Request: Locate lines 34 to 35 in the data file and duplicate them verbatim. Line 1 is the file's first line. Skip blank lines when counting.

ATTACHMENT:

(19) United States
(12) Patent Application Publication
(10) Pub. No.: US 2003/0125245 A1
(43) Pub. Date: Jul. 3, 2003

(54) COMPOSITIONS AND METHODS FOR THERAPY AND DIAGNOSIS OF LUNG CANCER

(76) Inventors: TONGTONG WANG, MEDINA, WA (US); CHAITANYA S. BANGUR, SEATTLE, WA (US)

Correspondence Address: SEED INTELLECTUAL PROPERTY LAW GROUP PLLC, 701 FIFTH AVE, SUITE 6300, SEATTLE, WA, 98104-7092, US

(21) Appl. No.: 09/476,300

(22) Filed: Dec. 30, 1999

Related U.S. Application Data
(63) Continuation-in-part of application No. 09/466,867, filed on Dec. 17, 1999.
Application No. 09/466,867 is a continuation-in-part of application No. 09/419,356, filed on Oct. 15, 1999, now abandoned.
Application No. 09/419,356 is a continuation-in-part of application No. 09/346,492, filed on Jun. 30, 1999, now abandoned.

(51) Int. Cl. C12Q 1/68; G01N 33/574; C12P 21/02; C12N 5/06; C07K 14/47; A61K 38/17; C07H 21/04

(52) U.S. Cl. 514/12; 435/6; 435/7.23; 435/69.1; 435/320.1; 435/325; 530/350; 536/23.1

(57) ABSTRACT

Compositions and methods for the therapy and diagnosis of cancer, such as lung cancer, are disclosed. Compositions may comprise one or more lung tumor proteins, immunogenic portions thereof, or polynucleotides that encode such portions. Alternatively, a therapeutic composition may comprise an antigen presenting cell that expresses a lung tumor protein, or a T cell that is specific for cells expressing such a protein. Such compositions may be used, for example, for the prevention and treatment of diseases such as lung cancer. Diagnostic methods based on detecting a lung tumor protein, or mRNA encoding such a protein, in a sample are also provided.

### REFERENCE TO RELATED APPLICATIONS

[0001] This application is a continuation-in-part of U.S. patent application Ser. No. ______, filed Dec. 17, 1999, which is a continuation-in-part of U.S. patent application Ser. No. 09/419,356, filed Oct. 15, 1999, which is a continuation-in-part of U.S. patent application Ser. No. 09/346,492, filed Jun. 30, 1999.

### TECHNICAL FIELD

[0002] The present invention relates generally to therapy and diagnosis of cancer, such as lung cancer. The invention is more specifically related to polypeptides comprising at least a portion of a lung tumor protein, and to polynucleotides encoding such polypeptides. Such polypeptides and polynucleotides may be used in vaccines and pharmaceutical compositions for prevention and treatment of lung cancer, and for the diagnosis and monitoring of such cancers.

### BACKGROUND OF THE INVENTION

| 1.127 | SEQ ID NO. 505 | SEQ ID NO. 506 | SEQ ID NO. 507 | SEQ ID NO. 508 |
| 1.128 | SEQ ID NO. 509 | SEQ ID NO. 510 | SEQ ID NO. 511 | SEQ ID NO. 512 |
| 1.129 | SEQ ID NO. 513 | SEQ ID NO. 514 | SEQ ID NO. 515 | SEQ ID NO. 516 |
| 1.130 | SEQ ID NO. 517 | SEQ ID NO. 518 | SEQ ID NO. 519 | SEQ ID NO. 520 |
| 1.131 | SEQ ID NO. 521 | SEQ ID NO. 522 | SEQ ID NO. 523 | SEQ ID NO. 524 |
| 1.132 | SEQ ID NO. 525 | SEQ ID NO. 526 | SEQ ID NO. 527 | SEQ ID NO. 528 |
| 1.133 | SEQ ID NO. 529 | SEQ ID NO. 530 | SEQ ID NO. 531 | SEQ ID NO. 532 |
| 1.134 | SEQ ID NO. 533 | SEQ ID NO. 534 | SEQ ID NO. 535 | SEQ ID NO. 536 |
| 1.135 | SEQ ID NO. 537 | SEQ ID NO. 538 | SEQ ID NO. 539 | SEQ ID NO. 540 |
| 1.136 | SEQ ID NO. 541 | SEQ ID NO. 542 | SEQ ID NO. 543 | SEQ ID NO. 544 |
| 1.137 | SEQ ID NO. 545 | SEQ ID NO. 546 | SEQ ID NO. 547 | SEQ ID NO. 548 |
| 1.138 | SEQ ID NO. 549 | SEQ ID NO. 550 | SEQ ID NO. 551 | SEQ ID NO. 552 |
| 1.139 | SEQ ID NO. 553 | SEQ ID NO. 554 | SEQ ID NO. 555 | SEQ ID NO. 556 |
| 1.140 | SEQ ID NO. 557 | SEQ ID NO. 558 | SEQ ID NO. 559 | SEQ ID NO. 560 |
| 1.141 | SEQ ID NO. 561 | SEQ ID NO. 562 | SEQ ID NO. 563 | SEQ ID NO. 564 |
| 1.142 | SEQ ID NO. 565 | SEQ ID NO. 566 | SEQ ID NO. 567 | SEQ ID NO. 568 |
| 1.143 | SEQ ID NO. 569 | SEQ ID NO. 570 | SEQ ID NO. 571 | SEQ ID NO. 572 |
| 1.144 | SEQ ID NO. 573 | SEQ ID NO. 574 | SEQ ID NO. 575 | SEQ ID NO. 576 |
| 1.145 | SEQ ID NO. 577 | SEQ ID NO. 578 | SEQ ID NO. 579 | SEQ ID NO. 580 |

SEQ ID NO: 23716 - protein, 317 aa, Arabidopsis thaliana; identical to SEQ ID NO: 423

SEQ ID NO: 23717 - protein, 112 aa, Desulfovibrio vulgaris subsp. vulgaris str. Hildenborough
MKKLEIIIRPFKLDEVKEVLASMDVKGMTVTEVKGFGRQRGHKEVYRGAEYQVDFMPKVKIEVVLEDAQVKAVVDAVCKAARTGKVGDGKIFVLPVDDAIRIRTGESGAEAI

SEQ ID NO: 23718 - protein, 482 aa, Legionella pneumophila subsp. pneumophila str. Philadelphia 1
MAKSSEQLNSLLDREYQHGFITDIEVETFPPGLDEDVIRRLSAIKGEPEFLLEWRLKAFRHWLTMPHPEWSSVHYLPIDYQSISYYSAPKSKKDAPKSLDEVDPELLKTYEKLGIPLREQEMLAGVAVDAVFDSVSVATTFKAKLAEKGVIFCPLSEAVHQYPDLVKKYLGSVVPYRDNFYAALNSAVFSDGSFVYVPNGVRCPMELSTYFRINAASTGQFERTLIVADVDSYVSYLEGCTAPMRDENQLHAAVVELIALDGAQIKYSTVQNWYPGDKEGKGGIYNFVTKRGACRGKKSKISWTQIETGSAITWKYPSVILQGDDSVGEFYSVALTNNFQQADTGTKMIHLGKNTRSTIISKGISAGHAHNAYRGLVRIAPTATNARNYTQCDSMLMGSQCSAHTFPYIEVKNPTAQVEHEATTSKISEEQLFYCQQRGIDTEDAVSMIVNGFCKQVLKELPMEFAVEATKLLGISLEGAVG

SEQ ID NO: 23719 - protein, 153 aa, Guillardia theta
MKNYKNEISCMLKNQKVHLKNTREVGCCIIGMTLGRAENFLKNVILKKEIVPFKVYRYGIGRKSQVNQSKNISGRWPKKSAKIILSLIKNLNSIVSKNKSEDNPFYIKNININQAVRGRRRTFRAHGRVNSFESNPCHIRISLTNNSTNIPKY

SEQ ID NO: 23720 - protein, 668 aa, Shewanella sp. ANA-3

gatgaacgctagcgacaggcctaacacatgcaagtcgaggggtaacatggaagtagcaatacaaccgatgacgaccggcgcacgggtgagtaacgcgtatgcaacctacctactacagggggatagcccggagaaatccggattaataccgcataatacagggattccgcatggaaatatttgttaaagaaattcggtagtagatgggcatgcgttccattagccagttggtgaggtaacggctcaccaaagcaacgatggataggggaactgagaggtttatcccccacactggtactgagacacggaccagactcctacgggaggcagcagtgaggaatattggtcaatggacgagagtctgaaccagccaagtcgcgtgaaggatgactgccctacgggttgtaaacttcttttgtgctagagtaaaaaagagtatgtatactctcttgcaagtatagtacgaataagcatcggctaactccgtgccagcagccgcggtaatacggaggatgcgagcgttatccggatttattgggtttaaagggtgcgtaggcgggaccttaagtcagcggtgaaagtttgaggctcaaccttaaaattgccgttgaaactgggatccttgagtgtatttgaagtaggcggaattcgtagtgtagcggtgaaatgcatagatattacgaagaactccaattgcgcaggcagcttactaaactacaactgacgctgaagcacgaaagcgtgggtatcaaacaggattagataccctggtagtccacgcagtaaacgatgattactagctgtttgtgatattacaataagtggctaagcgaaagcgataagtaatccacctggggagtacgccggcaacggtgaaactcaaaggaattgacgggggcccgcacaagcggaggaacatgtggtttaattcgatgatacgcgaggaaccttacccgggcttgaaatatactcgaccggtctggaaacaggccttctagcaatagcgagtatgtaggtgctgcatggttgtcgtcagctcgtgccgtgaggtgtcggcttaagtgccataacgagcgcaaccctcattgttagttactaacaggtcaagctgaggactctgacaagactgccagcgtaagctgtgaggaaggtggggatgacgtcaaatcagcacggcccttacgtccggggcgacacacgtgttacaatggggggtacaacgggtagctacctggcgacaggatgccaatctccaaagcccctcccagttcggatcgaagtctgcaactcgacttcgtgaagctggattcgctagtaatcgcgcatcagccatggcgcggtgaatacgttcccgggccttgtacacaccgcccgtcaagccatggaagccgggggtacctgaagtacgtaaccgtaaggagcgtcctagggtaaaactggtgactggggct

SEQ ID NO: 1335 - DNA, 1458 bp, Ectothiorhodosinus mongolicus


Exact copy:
| 1.138 | SEQ ID NO. 549 | SEQ ID NO. 550 | SEQ ID NO. 551 | SEQ ID NO. 552 |
| 1.139 | SEQ ID NO. 553 | SEQ ID NO. 554 | SEQ ID NO. 555 | SEQ ID NO. 556 |